It's easy to get lost in the wide world of midsize crossovers. But the 2013 Toyota Highlander remains a real standout against some very capable competition. The Highlander hasn't seen any earth-shattering changes for this model year, but that's not necessarily a bad thing. The old adage, "If it ain't broke, don't fix it" definitely applies in this case.

The Highlander shares the same platform as the Toyota Camry, which means it's well-built and delivers a secure driving experience. Unlike with some crossovers, the exterior styling is conservative. And there's a new trim level this year called Plus that's slotted between the Base and SE. At the top end of the range is the Highlander Limited. As with any other vehicle or model, the higher the trim level, the more standard features you get.

Toyota's slick Entune mobile-app interface is only available, for instance, on the more expensive SE and Limited models. But we applaud Toyota for making Bluetooth technology and USB with iPod connectivity standard on every Highlander, along with a new, high-def 6.1-inch touchscreen.

In terms of cabin quality, the Highlander's interior materials are mediocre, with too many hard plastic surfaces. However, the Highlander offers plenty of space and versatility for people-moving. A practical feature is the Center Stow middle seat that easily converts the second row from a bench to two captain's chairs with an aisle in between. There's also a third-row seat in the Highlander, but it's intended for kids, not adults. With the third-row seat in place, cargo room is limited, but with the second- and third-row seats folded, there's more than 95 cu ft of storage space.

The Base and Highlander Plus get a standard 2.7-liter inline 4-cylinder that's good for 187 horsepower and 186 lb-ft of torque. The only transmission available for these trims is a 6-speed automatic driving the front wheels. If you can, go for the available 270-hp 3.5-liter V6 with a 5-speed automatic. It's smoother than the inline 4-cylinder, has a lot more power, can tow up to 5,000 pounds and comes with optional all-wheel drive.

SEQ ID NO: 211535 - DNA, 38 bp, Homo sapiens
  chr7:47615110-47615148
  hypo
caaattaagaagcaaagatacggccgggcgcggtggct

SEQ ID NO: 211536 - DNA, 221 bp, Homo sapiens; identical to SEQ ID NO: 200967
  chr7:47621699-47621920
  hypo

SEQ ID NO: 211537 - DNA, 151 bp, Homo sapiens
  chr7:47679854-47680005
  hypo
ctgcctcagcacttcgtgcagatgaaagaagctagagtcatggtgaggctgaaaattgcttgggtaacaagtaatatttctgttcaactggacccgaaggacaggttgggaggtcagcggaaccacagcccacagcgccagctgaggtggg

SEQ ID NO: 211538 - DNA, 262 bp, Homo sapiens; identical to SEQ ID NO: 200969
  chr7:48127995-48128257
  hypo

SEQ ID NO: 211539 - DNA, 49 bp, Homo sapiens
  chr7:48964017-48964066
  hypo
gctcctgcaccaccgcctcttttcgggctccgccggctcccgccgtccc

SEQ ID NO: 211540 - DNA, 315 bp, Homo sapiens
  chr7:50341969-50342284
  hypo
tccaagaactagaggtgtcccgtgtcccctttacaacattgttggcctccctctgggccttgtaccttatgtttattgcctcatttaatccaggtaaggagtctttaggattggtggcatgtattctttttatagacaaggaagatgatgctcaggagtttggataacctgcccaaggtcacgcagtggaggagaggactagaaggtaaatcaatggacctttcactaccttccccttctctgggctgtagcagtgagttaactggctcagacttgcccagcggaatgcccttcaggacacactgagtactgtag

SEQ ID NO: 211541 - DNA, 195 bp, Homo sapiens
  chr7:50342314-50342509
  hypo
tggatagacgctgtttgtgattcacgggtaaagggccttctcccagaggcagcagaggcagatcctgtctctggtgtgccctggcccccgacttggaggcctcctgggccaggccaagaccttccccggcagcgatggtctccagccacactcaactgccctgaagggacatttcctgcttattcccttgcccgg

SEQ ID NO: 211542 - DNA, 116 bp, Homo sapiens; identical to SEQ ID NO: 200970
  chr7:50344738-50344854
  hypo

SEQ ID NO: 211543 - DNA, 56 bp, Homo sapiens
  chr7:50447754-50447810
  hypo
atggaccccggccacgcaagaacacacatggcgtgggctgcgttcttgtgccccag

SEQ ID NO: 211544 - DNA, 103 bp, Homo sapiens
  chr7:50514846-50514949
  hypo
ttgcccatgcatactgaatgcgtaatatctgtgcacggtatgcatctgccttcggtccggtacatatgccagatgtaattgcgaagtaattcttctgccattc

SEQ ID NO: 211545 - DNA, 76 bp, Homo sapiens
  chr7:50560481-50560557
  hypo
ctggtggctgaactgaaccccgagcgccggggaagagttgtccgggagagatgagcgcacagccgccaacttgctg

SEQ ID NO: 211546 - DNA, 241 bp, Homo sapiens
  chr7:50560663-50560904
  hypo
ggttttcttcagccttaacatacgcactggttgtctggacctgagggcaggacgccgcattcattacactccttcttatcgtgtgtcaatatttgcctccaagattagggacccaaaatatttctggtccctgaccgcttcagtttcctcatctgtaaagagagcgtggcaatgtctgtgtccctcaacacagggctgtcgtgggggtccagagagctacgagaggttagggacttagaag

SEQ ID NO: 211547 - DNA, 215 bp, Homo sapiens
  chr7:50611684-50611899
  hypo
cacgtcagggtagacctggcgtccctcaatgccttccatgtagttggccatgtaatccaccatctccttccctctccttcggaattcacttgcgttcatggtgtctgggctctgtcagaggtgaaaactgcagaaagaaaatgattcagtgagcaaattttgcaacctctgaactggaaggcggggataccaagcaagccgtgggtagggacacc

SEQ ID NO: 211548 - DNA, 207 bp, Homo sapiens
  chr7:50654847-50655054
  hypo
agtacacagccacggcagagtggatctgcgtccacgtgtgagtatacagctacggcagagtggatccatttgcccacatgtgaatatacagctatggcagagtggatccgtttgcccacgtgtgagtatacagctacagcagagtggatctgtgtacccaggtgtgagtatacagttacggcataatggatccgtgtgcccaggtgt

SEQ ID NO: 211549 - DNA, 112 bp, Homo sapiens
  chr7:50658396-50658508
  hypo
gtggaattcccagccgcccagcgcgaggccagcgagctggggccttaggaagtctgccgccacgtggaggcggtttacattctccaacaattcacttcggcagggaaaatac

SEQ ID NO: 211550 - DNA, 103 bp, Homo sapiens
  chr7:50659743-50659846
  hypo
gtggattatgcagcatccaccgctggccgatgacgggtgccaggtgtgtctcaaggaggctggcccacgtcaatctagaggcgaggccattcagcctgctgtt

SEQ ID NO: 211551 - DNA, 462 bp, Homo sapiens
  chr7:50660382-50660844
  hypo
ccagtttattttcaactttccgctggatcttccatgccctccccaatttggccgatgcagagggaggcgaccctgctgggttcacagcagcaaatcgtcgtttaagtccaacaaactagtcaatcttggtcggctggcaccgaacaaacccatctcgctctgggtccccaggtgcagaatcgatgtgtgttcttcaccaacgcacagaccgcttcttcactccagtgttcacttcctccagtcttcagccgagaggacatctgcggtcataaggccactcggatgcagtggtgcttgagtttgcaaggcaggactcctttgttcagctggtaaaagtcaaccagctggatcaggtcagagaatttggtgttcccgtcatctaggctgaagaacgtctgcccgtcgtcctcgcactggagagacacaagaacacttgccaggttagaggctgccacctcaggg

Like most crossovers, the Highlander drives like a car. It offers a soft, comfortable ride and a suspension that's more suitable for soaking up bumps than rugged off-road excursions.

Surprisingly, the more powerful V6 actually yields fuel economy comparable to the inline 4-cylinder: 18 miles per gallon city/24 mpg hwy with the V6 versus 20 mpg city/25 mpg hwy with the 4-cylinder. The all-wheel drive V6 drops to 17 mpg city/22 mpg hwy.

The Base Highlander costs around $29,000 before options. At the other end, the Limited model starts at almost $38,000. But try the Hyundai Santa Fe, Mazda CX-9 and Kia Sorento before making a decision. They all compare well to the Highlander.

The 2013 Toyota Highlander is roomy, well-equipped, easy to drive and now loaded with standard technology on the upper trims. If you take our advice and choose that silky-smooth V6 while reserving the third row for the little ones, the Highlander will definitely earn your vote.

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Jessica Shea Choksey is an automotive journalist and former writer/reporter for the PBS/Discovery Channel television series "MotorWeek." She began her career in journalism as an editor for numerous magazines and publications mainly outside of the automotive field. Jessica currently resides with her family, in Southern California.

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